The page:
Since the 1944 discovery of electron paramagnetic resonance (EPR) in bulk matter and that of nuclear magnetic resonance (NMR) in 1945, magnetic resonance has never stopped evolving and sprouting new branches, some of them quite unexpected and fascinating. This explains the incredible intellectual attraction of MR techniques: it is true, in fact, that while most MR practitioners come from other fields, MR itself practically never looses an adept.
This talk attempts a broad review of MR phenomena and of their practical exploitation, following the manifold historic threads, then taking a snapshot of the current status, and finally attempting a guess at what might come up in the near future.
I was invited to University of Cantabria in Santander (Northern Spain) by Ramón Niembro Barcena (on the left in the photo with me), a theoretical nuclear physicist who equipped one of their student labs with a tiny CW-NMR instrument produced by Leybold Didactic (it happens to be the only NMR at the University). It was fun to explore what this MR kitty can do. We used glycerol, copper-doped water, and a soap, saw some differences but concluded that the best use for the instrument was just to convince students that NMR signals really exist. But still, the magnet with its approximately 2"x2" square poles delivers about 200 Hz homogeneity across 3 mm samples.
Ramón urged me to keep the talk very introductory, with a bit of history, a panorama of applications, and a few words about future developments. Such talks, of course, are the most difficult to deliver and I must confess that I was not really as well prepared as I should have been. Fortunately, the weather was really terrible (see the photo) so I had to stay in my hotel. Which was bad since Santander is a pretty town on a beautiful coast, but not that bad since I could at least dedicate a full day to the preparation of the talk.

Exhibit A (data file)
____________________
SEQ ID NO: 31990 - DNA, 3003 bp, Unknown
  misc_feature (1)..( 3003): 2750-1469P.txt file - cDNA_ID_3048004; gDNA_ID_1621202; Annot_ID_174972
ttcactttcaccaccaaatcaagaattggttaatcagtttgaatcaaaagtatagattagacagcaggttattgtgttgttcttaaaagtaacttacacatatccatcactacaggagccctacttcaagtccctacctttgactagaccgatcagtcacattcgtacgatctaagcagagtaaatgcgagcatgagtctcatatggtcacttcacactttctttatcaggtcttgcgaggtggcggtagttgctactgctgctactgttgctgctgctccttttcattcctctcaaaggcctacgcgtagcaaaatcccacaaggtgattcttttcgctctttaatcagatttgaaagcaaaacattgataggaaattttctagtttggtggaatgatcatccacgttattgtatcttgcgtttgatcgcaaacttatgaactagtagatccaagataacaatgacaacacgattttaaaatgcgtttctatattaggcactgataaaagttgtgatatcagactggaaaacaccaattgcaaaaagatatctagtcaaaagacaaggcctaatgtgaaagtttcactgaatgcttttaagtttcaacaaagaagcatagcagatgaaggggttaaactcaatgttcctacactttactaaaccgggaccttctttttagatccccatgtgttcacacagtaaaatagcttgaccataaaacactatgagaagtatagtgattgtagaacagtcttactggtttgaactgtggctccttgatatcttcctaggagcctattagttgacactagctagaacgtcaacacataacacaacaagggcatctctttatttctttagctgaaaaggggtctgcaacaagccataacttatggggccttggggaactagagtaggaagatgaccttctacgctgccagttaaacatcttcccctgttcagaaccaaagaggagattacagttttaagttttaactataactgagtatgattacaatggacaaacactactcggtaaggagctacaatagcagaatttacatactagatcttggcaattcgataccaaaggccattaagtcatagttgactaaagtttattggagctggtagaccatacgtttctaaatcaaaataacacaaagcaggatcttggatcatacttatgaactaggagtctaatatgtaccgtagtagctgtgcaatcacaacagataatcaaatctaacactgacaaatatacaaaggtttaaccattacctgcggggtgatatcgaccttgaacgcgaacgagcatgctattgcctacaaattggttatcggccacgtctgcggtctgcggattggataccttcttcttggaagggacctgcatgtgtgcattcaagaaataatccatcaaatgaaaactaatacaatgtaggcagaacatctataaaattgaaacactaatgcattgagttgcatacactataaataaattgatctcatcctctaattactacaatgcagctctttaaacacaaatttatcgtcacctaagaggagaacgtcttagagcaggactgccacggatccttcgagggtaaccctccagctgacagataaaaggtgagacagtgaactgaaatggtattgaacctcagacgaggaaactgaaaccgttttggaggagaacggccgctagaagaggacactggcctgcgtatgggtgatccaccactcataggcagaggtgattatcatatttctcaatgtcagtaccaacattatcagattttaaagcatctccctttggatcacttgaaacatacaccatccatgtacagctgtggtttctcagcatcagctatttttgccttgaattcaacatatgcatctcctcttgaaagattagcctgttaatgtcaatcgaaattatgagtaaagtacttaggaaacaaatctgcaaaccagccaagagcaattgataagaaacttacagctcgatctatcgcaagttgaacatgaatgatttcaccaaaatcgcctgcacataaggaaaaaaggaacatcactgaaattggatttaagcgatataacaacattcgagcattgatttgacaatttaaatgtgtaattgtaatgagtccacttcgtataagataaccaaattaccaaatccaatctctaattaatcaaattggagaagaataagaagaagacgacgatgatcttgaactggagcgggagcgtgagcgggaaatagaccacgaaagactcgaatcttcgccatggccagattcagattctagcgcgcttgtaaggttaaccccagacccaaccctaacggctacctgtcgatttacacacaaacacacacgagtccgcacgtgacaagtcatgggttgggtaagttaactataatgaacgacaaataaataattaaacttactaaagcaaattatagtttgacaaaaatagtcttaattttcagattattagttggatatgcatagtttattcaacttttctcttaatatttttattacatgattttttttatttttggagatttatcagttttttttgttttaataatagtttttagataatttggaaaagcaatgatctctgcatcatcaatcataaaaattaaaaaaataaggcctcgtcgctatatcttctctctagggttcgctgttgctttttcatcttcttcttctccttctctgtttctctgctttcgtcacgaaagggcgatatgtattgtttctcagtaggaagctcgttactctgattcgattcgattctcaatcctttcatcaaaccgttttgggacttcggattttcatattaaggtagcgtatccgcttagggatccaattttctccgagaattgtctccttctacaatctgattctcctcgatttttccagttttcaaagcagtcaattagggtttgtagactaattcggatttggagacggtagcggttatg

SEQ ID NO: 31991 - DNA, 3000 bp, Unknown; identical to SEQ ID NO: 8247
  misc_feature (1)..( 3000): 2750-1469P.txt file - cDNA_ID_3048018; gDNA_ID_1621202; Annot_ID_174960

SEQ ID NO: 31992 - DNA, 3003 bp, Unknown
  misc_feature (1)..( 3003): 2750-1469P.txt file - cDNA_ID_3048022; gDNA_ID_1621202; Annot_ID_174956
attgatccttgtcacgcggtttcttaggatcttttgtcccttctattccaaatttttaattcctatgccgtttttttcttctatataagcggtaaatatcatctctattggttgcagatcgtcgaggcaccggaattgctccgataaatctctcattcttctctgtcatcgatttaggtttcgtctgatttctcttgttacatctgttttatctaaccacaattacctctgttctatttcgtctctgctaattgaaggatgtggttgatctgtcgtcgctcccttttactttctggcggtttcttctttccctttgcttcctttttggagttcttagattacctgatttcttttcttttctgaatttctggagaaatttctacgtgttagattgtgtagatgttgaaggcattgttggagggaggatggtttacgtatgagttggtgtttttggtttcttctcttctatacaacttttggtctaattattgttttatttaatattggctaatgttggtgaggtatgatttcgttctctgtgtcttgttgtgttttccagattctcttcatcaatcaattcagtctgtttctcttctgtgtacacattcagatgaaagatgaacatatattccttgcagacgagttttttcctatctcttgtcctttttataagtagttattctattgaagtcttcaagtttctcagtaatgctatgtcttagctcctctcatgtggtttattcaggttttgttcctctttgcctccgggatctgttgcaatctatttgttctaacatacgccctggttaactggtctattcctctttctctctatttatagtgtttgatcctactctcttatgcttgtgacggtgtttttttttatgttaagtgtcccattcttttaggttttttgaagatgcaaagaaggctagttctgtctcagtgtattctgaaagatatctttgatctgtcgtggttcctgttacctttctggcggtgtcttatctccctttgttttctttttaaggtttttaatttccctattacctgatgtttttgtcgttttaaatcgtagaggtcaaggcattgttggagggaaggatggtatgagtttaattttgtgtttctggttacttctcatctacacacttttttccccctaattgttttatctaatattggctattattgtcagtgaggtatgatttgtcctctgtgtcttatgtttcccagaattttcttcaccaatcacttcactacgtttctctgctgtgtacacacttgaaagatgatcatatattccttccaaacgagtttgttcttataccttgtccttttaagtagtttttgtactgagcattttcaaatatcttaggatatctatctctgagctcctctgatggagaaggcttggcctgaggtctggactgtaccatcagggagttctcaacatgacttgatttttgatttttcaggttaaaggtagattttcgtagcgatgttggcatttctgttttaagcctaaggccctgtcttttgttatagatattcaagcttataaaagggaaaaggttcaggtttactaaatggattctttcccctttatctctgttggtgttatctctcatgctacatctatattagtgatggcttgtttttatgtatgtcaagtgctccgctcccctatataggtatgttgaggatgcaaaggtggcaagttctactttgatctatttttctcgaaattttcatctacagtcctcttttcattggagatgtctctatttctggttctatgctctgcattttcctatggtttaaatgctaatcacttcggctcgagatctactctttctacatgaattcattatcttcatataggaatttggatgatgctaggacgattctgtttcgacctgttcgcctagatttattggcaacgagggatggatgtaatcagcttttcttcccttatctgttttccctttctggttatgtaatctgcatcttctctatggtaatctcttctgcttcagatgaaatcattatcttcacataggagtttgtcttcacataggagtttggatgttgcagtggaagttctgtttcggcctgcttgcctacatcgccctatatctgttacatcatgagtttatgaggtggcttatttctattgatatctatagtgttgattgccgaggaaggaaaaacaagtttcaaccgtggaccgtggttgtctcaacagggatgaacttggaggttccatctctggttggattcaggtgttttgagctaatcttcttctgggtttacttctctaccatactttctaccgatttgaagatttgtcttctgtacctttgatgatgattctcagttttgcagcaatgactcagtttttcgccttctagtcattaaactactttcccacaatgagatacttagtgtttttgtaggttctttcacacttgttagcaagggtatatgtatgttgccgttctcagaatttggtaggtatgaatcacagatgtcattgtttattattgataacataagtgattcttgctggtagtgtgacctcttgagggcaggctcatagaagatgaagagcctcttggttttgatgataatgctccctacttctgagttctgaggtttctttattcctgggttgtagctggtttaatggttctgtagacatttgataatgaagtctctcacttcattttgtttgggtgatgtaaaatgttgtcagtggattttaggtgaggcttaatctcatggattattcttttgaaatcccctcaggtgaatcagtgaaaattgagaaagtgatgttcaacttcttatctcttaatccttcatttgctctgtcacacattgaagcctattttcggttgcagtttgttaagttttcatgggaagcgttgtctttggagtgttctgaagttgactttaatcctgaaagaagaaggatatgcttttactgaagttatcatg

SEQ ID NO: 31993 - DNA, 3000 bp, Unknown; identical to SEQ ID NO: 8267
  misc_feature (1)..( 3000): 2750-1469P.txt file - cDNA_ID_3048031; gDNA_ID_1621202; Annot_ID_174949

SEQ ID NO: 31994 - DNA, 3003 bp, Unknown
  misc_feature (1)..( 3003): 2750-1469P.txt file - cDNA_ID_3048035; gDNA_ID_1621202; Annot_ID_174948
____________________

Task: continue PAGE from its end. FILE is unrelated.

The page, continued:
Some of the sources I have used come from websites which I no longer remember and therefore can not link to (but I am more than ready to amend this page should anybody mail me a complaint).
The sources I can trace and am glad to acknowledge are:
For the historic part about electron and proton spin, I draw significantly on a 2000 presentation by Homer Neal, entitled The Spinning Proton from which I also "stole" the two group photos, one of which can be traced to the Emilio Segre Visual Archives.
The photographs of Otto Stern, Walter Gerlach, Isidor Rabi and Felix Bloch come from the physics Nobel Prizes website. I don't have any idea where do the photos of Edward Purcell and Evgenij Zavoijsky come from, except that they appear to be in the public domain on internet (advice welcome).
I draw extensively on the Nobel lectures of many Nobel Prize laureates as well as on Wikipedia for the human-side content of some of the slides. For the scientific side of the historic part of the talk I draw on the original articles as listed in my own collections
The origins of the NMR data are:
- The sunflower seed FID I have measured myself about 25 years ago on an early Stelar Spinmaster.
- The chloroform (CHCl3) spectrum comes from the installation test-data CD of a Bruker 600 MHz spectrometer.
- The strychnine 1H spectrum was acquired by an unknown operator on a Varian (now Agilent) Inova 400 MHz spectrometer. If people do not sign their data, there is no way I can give them credit.
- The brucine 13C spectrum was acquired on a Bruker 500 MHz spectrometer and so was the 2D COSY.
- The DOSY spectrum comes from a poster by Carlos Cobas and myself presented in 2008 at a SMASH Conference.
- The 1H-NMRD profile of solid BSA comes from a poster by myself, Mauro Cremonini, Luca Laghi, and Paola Fantazzini, presented at a 2004 GIDRM Meeting.
All spectroscopic data were re-evaluated from original acquisition files using the Mnova software of Mestrelab Research.